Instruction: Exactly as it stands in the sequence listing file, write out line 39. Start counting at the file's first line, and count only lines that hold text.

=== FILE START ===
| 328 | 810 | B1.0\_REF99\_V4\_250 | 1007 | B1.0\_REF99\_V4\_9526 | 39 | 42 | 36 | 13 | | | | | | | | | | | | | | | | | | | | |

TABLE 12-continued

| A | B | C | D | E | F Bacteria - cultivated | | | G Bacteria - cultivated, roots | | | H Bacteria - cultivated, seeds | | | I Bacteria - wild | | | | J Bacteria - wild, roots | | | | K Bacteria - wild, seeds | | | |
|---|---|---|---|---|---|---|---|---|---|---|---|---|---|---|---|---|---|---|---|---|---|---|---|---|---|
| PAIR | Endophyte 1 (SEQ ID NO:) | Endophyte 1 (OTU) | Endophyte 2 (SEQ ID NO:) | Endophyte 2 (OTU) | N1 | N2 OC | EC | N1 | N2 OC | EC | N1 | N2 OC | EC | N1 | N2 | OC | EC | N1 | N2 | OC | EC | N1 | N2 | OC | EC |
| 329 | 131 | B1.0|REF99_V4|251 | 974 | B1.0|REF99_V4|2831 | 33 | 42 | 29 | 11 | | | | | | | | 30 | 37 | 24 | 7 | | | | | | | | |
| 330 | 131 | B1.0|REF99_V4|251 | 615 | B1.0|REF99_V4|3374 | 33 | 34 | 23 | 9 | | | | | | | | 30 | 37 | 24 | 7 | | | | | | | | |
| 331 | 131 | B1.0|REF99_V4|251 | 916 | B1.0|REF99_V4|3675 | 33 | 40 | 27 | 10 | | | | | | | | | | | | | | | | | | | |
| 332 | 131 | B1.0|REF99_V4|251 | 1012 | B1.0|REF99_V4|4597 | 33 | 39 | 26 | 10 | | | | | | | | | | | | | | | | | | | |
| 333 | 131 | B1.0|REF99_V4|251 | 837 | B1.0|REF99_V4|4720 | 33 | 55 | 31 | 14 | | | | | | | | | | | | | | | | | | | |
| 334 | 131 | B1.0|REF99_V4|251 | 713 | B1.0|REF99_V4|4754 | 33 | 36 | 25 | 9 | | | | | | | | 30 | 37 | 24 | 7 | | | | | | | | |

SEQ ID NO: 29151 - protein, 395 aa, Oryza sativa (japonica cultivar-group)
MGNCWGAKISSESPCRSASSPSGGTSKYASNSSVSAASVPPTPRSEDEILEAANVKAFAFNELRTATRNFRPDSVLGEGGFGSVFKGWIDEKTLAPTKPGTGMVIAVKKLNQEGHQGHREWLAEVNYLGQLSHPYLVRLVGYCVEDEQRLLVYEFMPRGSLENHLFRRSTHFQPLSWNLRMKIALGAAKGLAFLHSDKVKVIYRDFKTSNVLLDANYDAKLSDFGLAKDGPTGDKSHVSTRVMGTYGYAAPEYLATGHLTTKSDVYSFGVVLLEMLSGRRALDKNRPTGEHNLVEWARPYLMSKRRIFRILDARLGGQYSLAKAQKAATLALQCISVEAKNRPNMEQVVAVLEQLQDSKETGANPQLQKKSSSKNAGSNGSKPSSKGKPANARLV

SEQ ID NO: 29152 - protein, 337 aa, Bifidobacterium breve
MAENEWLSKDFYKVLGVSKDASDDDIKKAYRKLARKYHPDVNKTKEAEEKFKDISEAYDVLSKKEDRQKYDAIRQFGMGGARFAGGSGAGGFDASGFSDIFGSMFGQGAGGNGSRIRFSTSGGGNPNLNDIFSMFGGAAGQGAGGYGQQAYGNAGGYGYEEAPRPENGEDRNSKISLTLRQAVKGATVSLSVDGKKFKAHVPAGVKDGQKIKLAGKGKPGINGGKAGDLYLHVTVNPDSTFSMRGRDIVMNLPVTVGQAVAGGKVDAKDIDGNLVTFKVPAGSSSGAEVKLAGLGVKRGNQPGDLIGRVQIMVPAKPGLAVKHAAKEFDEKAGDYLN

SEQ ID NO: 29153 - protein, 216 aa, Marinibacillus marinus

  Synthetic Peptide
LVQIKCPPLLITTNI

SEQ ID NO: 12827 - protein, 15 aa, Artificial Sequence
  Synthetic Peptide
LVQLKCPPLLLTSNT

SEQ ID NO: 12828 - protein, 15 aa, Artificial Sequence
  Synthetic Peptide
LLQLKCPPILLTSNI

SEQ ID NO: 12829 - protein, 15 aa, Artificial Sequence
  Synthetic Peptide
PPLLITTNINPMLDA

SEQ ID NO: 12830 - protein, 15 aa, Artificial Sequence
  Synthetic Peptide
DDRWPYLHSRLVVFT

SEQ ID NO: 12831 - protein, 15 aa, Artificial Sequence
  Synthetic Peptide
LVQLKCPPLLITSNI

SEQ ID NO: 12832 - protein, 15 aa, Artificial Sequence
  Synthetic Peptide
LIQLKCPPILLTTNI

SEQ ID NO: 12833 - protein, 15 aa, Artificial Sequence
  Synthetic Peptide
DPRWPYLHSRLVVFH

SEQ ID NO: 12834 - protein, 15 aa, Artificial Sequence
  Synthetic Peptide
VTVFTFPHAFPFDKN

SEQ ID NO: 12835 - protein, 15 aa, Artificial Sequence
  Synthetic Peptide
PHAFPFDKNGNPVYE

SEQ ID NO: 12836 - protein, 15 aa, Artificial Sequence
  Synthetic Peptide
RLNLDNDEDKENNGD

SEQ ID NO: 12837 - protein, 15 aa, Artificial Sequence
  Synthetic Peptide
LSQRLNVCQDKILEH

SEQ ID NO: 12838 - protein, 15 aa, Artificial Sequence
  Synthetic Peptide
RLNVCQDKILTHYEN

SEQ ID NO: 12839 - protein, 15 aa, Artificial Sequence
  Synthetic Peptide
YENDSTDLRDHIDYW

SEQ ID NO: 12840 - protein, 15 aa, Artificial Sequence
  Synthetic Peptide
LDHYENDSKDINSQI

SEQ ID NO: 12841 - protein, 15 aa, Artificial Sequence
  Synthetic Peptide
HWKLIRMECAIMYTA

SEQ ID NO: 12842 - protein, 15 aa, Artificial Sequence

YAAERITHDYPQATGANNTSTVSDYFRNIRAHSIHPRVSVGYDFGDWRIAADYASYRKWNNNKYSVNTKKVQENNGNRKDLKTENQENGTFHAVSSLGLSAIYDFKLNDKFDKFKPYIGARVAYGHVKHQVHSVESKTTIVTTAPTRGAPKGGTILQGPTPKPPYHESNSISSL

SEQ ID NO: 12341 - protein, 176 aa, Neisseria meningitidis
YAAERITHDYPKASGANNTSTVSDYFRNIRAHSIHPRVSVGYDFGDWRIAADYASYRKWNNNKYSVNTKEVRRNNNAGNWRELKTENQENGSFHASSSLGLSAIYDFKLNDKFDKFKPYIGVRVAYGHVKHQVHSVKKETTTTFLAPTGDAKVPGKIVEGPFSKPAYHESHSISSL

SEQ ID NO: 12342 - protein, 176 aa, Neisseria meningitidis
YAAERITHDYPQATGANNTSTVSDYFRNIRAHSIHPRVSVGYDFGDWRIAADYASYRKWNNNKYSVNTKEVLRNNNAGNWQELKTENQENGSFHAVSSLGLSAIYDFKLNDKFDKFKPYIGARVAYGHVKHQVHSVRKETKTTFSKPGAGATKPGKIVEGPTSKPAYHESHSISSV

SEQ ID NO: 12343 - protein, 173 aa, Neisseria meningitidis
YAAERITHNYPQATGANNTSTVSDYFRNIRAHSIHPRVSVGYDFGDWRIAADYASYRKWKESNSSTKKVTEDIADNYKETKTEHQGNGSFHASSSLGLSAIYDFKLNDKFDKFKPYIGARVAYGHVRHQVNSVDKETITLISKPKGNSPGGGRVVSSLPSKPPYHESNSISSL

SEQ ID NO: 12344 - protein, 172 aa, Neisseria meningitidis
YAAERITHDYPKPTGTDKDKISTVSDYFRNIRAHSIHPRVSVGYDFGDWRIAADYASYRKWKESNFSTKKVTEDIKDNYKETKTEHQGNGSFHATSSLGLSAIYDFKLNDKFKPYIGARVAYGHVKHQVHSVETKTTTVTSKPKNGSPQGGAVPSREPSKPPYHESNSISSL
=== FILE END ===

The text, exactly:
DPRWPYLHSRLVVFH